I drain all of the juices out of the particles for use within the water pistol at a later date. Amazingly, last year on several test sessions with ‘The Crave’, I found that every fish actually fell to my boilie rod rather than the tiger nut rod. Although the majority of the fish were passing tiger nuts on the mat after capture.

It’s fair to say that rigs do not need to be too technical for river carping, but they do need to be strong and efficient hookers. With the intense weed beds everything about your rig needs to be stepped up and well thought-out. For instance, you need to anticipate what will happen when a carp runs off with your bait in a hole amongst the weed. If you do not set the lead to eject quickly you will find that the carp will plough straight through it all, but on the other hand, if you allow the lead to eject quickly and fish a tight clutch, the fish will very quickly hit the surface and be much easier to play out in the water above the weeds.

From this point, it is important that your rig is strong and abrasion resistant as possible. My mainline is Shimano’s Tribal Carp mono in 15lb – it’s absolutely bullet-proof and well up to a bit of lily warfare. Beneath this I fish a length of ACE Hard-On Leadcore, how long very much depends on the size of the clear spot I’m fishing. The actual rig itself is a simple snowman set-up constructed out of 35lb ACE Camo Core and a new ACE Razor Point size 6 BBP with a line aligner Kicker. I’ve put these hooks through some serious grief on the rivers and not only have they stood up to the job, they’ve also been fine to cast straight back out afterwards.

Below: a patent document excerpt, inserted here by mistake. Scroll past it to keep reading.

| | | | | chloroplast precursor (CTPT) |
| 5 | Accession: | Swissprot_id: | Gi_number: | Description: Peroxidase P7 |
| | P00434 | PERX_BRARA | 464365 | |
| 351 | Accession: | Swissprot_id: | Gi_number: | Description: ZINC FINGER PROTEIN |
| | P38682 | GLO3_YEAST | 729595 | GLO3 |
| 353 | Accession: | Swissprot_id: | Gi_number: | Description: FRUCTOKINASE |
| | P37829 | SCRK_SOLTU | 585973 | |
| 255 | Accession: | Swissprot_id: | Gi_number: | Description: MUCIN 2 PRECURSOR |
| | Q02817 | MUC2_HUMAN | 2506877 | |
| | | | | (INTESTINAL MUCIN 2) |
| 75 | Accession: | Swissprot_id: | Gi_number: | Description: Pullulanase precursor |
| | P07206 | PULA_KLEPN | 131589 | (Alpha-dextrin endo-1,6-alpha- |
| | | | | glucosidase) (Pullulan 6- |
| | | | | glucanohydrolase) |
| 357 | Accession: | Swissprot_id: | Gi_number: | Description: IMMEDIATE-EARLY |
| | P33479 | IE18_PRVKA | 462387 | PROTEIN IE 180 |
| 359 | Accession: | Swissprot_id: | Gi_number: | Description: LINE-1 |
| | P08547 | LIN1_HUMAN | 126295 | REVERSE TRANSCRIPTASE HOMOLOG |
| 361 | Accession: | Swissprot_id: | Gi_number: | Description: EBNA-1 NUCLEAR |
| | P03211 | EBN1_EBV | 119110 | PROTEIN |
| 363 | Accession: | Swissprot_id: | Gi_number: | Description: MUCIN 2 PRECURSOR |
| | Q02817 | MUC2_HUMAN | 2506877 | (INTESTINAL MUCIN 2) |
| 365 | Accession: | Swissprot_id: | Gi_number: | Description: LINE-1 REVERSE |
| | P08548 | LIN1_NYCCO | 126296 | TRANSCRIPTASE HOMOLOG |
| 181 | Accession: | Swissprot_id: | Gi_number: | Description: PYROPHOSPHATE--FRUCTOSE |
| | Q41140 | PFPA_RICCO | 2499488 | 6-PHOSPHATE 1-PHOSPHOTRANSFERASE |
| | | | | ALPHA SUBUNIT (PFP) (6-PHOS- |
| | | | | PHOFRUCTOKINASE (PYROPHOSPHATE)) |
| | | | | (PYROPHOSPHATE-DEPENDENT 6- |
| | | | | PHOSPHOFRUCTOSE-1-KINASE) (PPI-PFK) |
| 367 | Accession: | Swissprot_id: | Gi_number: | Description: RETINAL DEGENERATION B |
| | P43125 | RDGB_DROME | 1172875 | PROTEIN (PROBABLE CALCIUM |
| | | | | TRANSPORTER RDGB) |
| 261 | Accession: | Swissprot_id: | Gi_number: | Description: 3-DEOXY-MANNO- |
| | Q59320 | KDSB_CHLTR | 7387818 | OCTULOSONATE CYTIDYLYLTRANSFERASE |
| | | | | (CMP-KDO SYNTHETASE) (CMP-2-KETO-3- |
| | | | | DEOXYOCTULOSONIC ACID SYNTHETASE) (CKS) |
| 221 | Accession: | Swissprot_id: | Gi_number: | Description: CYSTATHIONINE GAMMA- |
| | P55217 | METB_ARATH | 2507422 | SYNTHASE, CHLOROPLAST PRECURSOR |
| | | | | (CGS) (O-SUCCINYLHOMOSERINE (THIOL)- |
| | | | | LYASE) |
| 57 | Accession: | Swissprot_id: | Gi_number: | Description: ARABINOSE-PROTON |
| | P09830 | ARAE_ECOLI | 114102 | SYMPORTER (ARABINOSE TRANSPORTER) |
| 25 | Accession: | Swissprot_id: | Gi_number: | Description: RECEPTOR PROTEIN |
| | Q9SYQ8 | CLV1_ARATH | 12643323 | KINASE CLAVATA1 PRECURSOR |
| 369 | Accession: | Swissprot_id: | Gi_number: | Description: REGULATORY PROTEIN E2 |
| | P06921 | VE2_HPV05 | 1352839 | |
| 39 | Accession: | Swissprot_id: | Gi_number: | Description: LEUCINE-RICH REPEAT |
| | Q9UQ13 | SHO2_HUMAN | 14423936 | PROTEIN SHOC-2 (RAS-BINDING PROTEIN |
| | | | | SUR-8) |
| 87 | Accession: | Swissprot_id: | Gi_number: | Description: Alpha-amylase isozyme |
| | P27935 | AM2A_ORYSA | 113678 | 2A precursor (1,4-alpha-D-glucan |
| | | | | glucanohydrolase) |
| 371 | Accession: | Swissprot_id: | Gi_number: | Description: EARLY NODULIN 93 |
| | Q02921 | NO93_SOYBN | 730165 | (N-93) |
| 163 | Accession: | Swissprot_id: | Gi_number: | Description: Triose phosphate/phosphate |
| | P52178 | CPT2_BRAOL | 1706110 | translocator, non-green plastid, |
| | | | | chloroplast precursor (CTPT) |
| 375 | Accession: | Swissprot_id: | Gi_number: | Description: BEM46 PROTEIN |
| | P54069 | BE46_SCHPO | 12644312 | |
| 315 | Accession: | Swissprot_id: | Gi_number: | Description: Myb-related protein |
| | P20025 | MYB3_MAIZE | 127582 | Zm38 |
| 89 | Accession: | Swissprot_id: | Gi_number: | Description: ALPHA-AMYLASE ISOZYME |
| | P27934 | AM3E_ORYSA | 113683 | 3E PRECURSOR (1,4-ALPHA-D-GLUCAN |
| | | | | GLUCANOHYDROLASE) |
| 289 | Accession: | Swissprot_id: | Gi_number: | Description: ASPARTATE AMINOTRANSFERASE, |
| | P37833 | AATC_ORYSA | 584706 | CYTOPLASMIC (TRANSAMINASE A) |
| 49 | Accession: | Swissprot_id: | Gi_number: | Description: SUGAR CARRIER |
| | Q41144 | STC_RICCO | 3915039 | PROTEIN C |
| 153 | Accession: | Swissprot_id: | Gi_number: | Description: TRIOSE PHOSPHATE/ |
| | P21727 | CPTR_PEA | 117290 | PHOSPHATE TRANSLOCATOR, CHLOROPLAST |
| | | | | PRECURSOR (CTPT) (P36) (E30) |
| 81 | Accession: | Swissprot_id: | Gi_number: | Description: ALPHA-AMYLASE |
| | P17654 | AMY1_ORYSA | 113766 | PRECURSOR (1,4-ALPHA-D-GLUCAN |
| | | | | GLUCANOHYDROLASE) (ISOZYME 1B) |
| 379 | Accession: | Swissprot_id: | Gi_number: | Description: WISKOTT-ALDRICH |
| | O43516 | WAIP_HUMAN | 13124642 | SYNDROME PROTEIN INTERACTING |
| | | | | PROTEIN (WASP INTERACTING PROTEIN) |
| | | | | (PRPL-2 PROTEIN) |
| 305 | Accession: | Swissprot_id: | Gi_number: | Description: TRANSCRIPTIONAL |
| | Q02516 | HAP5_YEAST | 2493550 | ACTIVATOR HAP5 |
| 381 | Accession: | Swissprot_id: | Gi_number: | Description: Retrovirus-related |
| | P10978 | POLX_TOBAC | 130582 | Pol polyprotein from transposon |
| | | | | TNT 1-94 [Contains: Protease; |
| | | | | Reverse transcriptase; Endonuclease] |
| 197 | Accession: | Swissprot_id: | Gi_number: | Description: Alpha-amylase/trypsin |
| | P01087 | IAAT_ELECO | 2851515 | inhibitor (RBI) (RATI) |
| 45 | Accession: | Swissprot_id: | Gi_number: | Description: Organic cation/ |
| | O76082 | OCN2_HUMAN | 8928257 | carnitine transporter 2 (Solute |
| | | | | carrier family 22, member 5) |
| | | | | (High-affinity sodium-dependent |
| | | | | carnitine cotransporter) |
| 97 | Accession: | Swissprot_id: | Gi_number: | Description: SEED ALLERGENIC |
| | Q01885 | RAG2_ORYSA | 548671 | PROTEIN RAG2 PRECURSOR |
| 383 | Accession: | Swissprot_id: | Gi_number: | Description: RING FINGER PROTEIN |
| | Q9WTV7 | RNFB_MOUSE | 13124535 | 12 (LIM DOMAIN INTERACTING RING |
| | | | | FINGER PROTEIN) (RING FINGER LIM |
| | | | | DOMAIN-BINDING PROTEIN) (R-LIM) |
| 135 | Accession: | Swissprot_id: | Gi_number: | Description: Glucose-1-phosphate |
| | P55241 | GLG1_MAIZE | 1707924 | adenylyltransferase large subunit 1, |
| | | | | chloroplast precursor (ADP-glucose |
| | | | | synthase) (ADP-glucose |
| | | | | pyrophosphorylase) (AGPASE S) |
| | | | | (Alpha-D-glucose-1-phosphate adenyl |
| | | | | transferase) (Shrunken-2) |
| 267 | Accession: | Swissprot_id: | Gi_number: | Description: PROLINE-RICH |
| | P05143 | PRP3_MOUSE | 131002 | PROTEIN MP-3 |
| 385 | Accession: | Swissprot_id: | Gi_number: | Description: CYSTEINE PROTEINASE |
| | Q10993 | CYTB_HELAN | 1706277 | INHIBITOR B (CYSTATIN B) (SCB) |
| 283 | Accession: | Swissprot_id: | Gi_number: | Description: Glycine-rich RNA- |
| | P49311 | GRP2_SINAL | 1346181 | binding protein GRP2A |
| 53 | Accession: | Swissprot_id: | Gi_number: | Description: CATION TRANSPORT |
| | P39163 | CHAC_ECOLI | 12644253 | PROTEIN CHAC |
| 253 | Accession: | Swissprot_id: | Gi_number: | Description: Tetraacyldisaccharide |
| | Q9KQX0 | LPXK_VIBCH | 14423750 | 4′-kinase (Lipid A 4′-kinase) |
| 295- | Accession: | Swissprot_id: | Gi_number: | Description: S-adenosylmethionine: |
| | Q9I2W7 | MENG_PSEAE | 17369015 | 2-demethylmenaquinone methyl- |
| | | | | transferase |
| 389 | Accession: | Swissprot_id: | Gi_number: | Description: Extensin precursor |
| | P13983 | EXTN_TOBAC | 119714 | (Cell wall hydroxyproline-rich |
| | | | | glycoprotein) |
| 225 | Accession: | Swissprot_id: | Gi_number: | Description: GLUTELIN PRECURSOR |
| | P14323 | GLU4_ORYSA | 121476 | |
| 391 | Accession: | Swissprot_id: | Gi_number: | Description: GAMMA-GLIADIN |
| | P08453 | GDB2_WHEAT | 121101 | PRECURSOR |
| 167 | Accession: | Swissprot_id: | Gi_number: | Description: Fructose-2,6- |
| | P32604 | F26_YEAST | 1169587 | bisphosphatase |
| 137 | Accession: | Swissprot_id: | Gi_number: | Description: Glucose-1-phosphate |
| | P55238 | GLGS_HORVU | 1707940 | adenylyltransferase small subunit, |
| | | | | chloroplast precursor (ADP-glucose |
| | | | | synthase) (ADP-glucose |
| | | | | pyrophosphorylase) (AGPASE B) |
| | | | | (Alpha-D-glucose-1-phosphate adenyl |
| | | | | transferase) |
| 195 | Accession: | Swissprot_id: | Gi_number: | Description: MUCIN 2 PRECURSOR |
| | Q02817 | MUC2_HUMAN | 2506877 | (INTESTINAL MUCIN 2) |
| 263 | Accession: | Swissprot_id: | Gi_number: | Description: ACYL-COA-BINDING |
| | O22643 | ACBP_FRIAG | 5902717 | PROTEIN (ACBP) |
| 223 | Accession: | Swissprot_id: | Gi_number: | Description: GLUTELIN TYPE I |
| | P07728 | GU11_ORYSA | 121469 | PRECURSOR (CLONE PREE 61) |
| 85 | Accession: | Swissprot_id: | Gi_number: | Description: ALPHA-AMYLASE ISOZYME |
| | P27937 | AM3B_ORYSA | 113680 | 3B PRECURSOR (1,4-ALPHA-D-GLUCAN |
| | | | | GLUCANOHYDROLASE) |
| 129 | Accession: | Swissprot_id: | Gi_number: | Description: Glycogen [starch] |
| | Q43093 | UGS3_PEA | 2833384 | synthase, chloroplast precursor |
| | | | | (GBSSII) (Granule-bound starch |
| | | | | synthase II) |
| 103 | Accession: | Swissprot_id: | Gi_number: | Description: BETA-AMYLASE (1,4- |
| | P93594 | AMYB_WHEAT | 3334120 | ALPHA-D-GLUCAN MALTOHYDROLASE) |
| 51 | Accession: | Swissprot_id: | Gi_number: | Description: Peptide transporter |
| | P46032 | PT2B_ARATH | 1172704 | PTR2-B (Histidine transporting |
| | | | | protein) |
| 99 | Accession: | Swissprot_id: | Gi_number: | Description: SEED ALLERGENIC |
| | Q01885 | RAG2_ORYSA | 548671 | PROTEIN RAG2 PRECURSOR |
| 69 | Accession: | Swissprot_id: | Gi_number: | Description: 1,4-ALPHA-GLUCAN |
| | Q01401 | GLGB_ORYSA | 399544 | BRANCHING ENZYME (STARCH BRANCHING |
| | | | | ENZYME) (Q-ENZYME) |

Even though impeccable line lay isn’t so important for the relatively naive river carp, you do need to be very mindful of boat traffic etc. I personally dislike backleads - they really get in the way and very often can get stuck in the marginal weeds and cause you all sorts of problems. Flurocarbon also has the same issues, where it will lay flat on the weed and often bury over the course of a session. One way I have found of overcoming this is to create my own backlead using a run ring, a cork ball, length of mono and a double swan shot. Have a look at the series of images above to see how I create it.

The final product helps to keep your line close to the bottom away from the boats and means that you can sleep easier when you hear one coming. It also has the advantage of when you do lift into a carp the double swan shot usually pops straight off and you’re instantly in direct contact with the fish. As soon as I’ve attached the homemade backlead I’ll pay out a bit of slack just to prevent the line being bowstring tight.

Rivers hold so many surprises and it’s no wonder more and more people are stepping up to the challenge. I was proved just how you never know what’s coming next last year, when I slipped the net under an interesting upper double figure white koi – certainly not typical for a river! As well as this fish, I’ve also seen some large ghosties as well as a jet-black common with totally white fins! Although I think one of the best parts of fishing the rivers is something you don’t tend to see – other anglers!